AHRQ announces patient safety and medical liability demonstration projects
Research Activities, August 2010, No. 360
The Agency for Healthcare Research and Quality (AHRQ)—part of the Department of Health and Human Services (HHS)—recently announced grants to support efforts by States and health systems to implement and evaluate patient safety approaches and medical liability reforms. This is the largest Federal investment connecting medical liability to care quality. The demonstration and planning grants are part of the patient safety and medical liability initiative that President Obama announced during a September 9, 2009, address to a joint session of Congress.
As part of his vision for a health care system that puts patient safety first and allows doctors to focus on practicing medicine, the President directed the Secretary of HHS to help States and health care systems test models that: (1) put patient safety first and work to reduce preventable injuries; (2) foster better communication between doctors and their patients; (3) ensure that patients are compensated in a fair and timely manner for medical injuries, while also reducing the incidence of frivolous lawsuits; and (4) reduce liability premiums.
Overall funding for the initiative is $25 million, with $23 million allocated to grants and $2 million allocated to a final evaluation contract. The HHS Patient Safety and Medical Liability initiative supports the following:
- Grants to jump-start and evaluate efforts. These are 3-year grants of up to $3 million to States and health systems for implementation and evaluation of patient safety and medical liability demonstrations.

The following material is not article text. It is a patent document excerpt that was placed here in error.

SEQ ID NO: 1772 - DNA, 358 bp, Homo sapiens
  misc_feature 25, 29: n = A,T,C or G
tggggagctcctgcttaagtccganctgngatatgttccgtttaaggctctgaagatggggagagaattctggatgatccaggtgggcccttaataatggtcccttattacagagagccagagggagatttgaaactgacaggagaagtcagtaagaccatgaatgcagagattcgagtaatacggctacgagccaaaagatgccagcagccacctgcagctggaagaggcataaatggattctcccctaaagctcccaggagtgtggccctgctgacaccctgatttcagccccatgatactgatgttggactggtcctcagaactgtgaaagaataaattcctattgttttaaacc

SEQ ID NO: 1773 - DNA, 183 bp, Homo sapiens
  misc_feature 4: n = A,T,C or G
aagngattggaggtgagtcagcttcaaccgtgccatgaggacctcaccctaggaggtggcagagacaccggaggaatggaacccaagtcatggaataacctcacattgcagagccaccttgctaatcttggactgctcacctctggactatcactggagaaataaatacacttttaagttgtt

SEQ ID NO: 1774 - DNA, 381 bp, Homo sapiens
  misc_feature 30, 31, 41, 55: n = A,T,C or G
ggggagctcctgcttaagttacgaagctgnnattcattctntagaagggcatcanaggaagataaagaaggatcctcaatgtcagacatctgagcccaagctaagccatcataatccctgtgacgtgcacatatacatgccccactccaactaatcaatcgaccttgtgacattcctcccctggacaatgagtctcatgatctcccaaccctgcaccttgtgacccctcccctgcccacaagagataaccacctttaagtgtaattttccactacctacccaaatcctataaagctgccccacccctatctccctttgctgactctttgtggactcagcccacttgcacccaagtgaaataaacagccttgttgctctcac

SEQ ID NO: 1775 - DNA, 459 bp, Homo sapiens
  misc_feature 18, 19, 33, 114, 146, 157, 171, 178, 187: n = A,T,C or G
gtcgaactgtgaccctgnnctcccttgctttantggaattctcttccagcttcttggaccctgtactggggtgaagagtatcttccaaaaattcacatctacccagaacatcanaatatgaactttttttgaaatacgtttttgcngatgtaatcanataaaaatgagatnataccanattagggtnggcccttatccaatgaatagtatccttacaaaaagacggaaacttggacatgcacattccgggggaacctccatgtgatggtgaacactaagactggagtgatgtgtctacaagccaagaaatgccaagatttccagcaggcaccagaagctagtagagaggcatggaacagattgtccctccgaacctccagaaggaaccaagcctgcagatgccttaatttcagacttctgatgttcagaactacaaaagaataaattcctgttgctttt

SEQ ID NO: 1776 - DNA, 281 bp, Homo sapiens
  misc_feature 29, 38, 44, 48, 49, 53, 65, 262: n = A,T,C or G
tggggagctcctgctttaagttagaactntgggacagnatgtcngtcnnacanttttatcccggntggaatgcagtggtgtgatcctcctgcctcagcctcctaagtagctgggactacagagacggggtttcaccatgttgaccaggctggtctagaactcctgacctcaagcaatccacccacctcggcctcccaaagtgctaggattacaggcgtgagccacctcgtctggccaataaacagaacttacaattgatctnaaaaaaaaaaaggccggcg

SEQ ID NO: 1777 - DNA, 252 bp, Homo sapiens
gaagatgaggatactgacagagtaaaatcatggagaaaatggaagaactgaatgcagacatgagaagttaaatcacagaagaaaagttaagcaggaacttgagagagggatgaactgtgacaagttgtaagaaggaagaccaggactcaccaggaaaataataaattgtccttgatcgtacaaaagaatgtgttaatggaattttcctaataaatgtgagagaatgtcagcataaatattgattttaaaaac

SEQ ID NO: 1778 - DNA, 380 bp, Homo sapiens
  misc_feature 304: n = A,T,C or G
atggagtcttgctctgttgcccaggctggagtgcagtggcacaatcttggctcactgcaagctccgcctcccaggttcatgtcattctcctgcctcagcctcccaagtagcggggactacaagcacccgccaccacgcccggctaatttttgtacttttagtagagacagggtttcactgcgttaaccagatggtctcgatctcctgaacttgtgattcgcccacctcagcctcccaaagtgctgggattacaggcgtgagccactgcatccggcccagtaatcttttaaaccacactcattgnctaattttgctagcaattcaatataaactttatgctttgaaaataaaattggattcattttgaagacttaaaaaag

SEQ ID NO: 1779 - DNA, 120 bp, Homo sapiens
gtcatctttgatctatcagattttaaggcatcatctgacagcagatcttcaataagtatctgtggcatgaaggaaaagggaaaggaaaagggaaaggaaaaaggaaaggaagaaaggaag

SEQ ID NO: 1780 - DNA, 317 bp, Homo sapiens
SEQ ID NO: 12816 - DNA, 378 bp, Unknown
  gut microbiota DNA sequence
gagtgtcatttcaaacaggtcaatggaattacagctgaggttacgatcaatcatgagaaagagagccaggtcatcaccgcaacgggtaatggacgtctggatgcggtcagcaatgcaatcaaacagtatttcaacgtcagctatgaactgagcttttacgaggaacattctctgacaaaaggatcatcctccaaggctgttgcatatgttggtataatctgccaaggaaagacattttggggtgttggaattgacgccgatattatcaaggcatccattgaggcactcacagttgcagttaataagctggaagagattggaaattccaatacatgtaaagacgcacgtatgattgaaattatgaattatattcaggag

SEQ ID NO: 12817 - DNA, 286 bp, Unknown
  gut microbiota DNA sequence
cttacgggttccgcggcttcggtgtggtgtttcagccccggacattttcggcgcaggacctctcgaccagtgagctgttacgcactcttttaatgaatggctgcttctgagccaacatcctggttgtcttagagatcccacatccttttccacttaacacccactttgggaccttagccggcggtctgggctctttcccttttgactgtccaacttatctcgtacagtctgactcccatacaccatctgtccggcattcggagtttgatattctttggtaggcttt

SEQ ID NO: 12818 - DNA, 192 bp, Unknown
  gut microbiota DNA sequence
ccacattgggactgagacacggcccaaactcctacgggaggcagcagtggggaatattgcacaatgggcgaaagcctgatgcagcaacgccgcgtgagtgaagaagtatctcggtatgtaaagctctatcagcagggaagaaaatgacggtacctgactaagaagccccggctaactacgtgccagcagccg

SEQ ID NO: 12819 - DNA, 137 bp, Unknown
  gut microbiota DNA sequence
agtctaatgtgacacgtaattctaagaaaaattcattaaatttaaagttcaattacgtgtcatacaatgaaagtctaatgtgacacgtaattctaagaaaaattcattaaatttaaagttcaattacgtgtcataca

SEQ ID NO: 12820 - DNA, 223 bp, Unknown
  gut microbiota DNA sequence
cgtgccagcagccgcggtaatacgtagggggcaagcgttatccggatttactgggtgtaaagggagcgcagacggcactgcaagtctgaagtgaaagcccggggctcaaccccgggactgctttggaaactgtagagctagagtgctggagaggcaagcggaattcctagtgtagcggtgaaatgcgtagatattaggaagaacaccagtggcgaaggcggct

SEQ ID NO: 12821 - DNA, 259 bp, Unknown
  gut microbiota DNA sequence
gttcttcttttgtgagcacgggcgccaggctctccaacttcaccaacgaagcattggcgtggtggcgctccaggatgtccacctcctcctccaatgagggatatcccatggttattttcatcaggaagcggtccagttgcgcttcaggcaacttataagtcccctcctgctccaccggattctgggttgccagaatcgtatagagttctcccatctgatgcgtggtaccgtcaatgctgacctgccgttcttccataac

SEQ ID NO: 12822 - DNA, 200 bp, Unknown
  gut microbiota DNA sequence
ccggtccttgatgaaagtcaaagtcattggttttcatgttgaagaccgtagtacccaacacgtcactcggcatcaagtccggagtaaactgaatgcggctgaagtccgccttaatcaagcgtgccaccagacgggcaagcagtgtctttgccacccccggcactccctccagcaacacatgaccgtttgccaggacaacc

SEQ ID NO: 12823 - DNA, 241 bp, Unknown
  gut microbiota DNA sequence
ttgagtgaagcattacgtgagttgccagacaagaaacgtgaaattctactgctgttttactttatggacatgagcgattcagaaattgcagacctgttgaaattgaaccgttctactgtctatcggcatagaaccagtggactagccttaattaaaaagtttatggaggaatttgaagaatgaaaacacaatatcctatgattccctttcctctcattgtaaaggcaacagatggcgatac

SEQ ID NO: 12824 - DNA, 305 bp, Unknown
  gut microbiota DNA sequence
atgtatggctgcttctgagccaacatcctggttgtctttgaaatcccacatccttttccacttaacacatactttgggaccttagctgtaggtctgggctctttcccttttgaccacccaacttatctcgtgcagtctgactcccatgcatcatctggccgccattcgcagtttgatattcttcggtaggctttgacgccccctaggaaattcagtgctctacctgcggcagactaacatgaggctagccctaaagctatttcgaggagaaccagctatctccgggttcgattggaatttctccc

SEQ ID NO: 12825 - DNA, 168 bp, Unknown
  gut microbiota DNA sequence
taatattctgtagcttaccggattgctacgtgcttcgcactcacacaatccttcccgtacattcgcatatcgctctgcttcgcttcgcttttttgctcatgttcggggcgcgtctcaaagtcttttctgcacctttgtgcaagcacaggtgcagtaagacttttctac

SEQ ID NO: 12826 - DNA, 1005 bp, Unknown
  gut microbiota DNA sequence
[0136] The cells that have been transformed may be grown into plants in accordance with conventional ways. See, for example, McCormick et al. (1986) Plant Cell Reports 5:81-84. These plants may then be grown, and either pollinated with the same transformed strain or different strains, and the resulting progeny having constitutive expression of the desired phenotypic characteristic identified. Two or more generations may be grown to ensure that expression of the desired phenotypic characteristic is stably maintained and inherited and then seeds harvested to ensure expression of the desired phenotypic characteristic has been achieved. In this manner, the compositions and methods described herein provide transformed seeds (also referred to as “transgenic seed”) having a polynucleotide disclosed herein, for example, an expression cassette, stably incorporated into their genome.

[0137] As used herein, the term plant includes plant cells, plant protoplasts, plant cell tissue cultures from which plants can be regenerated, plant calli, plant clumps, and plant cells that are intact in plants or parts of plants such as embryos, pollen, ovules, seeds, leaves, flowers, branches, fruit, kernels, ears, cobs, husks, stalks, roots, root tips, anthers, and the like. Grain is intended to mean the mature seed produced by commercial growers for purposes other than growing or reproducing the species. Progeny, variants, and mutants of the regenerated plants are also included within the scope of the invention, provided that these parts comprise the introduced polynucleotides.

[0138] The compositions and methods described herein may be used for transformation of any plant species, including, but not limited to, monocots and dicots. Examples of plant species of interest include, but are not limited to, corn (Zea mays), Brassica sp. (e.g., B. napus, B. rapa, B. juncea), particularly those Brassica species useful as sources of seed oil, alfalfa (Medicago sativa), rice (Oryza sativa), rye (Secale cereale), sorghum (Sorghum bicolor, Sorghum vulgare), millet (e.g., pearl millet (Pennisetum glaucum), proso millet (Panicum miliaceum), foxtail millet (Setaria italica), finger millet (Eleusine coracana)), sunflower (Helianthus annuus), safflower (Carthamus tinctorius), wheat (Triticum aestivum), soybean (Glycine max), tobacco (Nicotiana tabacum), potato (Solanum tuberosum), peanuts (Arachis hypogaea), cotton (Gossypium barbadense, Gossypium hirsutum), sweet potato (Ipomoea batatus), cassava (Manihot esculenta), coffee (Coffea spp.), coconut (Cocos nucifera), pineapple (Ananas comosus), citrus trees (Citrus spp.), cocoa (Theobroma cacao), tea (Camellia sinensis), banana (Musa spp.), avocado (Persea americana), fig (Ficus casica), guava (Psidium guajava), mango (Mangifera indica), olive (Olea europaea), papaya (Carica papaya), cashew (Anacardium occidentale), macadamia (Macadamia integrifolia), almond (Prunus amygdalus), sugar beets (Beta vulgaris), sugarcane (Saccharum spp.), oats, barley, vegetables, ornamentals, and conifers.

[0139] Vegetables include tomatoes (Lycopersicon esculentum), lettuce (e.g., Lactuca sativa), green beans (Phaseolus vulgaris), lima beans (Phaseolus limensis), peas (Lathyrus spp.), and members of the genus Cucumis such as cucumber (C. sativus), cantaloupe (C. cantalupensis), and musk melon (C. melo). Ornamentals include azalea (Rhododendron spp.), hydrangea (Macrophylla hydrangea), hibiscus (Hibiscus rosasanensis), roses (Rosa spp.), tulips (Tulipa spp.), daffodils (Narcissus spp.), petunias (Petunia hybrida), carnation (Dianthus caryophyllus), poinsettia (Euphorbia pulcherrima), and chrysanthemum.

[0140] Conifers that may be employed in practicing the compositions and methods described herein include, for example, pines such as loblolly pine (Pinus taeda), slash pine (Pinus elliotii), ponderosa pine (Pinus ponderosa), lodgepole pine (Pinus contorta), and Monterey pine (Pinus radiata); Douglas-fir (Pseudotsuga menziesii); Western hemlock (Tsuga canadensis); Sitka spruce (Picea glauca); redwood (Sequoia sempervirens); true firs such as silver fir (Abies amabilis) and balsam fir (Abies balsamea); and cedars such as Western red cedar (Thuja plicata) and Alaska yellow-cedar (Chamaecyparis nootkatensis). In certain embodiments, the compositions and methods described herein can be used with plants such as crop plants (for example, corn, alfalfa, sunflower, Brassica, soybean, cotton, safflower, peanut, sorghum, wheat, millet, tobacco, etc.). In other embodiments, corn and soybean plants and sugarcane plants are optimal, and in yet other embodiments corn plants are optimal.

- Planning grants. These are 1-year grants of up to $300,000 to States and health systems in order to plan to implement and evaluate patient safety and medical liability demonstrations.
- Review of existing initiatives. In December 2009, AHRQ issued a review of reforms to the medical liability system and their impact on health care quality, patient safety, and medical liability claims.
Some of the reforms that are being planned and tested under HHS's initiative address limitations of the current medical liability system—such as costs, patient safety, and administrative burden for doctors. Grants support the creation of a judge-directed negotiation program, the development of "safe harbors" for State-endorsed evidence-based care guidelines, and early disclosure and offers of prompt compensation. Another component of the initiative is an evaluation of improvements in both patient safety and medical liability systems.
The evaluation is designed to develop the evidence base that will inform long-term solutions to the medical liability problem. For details on each project go to: Medical Liability Reform & Patient Safety Initiative .